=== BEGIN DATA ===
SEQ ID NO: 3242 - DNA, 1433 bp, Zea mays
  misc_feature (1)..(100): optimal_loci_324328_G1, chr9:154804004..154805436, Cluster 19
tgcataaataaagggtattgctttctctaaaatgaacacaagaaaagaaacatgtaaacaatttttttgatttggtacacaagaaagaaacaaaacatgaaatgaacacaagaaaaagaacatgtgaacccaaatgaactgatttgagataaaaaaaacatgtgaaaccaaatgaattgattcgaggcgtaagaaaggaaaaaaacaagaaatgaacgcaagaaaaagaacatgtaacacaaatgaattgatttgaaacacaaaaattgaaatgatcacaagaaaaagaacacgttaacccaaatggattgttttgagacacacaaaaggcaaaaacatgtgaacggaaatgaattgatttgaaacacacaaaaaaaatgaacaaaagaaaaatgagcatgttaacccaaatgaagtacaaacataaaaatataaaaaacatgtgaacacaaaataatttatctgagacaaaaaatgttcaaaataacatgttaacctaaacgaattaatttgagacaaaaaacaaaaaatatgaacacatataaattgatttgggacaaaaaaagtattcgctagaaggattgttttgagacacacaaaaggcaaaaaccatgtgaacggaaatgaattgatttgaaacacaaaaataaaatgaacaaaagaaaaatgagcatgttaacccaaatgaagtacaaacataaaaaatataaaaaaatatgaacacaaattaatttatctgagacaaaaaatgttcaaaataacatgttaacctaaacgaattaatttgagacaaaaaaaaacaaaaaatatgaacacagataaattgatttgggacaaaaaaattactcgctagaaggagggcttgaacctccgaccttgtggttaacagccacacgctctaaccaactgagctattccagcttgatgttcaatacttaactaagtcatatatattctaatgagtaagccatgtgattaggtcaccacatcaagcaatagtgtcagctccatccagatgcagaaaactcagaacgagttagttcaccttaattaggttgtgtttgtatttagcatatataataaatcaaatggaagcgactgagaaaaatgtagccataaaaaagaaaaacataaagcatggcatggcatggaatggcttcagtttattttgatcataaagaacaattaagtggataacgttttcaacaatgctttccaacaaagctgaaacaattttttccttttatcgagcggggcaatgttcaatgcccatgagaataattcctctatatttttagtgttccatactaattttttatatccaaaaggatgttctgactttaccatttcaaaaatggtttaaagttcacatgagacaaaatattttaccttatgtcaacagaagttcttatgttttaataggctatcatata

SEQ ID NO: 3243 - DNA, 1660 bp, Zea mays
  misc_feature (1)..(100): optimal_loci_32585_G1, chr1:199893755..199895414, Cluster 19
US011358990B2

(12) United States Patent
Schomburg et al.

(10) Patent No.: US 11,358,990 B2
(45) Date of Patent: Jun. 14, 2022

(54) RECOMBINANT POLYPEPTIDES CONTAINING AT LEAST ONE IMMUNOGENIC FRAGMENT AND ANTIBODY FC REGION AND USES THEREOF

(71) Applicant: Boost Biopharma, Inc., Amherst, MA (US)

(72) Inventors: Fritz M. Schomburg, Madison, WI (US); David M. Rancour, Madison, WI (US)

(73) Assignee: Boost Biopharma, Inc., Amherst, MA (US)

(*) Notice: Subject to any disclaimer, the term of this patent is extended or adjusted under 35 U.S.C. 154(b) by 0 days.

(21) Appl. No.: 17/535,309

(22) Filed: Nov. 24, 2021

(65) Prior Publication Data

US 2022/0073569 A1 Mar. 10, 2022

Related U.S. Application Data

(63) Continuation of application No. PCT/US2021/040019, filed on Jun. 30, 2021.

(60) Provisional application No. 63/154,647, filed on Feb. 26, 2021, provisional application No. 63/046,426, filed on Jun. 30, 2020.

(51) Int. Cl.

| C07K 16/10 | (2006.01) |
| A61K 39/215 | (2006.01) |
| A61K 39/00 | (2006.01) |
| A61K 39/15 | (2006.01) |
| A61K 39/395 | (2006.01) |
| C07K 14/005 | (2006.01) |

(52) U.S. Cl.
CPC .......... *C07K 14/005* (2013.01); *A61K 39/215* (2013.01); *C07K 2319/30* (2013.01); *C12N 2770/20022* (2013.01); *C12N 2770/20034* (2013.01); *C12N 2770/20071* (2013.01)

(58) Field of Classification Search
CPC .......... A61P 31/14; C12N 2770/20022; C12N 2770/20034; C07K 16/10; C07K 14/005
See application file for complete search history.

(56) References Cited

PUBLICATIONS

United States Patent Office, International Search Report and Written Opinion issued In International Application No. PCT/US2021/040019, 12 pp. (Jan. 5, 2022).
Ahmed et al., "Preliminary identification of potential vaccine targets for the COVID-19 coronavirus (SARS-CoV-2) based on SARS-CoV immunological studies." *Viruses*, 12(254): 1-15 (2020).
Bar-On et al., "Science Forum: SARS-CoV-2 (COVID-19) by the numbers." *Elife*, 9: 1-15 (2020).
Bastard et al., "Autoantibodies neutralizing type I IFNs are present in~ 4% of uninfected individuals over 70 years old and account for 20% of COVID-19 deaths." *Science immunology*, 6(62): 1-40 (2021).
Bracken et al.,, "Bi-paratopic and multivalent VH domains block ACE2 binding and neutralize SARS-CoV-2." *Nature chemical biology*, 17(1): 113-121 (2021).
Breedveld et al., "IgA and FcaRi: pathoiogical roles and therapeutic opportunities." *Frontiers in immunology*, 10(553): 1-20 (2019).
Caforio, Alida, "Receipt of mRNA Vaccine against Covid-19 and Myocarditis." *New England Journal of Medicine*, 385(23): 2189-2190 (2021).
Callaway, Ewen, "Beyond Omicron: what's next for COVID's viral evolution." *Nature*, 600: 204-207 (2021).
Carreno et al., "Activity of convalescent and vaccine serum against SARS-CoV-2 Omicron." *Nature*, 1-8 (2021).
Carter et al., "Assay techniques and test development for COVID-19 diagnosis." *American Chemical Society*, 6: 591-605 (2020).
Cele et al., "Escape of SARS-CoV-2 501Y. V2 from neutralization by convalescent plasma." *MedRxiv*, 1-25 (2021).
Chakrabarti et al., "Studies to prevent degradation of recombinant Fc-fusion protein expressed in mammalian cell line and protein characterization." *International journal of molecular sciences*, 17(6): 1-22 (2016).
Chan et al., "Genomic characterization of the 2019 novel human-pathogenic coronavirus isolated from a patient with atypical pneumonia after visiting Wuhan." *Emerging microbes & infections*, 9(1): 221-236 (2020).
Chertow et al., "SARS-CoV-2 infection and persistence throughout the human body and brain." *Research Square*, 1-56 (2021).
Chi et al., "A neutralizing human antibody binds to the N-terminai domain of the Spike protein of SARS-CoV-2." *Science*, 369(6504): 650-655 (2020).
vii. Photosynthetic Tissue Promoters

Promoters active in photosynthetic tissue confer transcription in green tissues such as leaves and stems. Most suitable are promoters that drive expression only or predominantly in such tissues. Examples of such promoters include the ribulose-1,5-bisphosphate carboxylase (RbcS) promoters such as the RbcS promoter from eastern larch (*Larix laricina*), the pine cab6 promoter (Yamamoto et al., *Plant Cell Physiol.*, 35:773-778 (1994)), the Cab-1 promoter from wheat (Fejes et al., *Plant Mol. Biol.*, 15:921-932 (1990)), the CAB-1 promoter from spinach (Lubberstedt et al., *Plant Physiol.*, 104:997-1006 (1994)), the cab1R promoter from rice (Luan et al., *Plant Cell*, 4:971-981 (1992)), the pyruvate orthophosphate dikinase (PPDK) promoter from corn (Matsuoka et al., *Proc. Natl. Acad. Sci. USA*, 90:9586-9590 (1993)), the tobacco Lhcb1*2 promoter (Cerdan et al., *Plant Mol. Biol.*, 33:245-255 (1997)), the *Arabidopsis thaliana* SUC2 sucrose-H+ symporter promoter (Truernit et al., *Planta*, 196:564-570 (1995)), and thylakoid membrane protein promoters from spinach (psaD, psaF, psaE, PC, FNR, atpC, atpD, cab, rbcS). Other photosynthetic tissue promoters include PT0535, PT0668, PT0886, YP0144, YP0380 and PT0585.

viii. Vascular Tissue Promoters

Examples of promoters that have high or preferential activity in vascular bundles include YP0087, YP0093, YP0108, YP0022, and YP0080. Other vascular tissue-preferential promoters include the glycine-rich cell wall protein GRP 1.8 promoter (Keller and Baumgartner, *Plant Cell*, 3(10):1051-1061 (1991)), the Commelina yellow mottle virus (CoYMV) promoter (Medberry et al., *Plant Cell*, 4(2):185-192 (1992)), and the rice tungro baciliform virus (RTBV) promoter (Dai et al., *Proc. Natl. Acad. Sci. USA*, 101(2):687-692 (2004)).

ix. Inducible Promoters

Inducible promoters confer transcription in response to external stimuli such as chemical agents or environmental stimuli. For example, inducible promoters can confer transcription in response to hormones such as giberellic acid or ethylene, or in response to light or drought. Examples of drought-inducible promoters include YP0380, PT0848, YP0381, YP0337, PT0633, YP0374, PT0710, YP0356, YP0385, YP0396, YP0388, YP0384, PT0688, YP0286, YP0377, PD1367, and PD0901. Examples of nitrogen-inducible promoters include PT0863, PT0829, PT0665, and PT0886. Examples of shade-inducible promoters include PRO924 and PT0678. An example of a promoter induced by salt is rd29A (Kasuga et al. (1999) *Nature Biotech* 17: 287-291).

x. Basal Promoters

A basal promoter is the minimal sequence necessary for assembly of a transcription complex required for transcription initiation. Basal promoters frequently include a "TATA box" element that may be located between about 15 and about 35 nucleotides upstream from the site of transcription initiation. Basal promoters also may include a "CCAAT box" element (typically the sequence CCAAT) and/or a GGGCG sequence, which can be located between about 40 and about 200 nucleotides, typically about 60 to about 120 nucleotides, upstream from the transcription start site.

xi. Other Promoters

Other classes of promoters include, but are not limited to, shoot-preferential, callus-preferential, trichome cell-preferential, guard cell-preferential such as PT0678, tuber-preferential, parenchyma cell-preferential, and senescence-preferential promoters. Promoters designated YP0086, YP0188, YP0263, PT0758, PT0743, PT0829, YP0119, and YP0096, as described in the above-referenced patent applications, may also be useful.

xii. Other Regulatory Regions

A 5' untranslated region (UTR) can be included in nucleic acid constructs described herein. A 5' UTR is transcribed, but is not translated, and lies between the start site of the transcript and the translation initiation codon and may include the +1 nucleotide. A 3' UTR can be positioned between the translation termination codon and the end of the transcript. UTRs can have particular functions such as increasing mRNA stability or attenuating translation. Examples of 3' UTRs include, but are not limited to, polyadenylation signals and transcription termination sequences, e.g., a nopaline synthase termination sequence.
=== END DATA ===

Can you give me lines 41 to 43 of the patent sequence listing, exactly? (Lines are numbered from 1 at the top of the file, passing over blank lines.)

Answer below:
Bracken et al.,, "Bi-paratopic and multivalent VH domains block ACE2 binding and neutralize SARS-CoV-2." *Nature chemical biology*, 17(1): 113-121 (2021).
Breedveld et al., "IgA and FcaRi: pathoiogical roles and therapeutic opportunities." *Frontiers in immunology*, 10(553): 1-20 (2019).
Caforio, Alida, "Receipt of mRNA Vaccine against Covid-19 and Myocarditis." *New England Journal of Medicine*, 385(23): 2189-2190 (2021).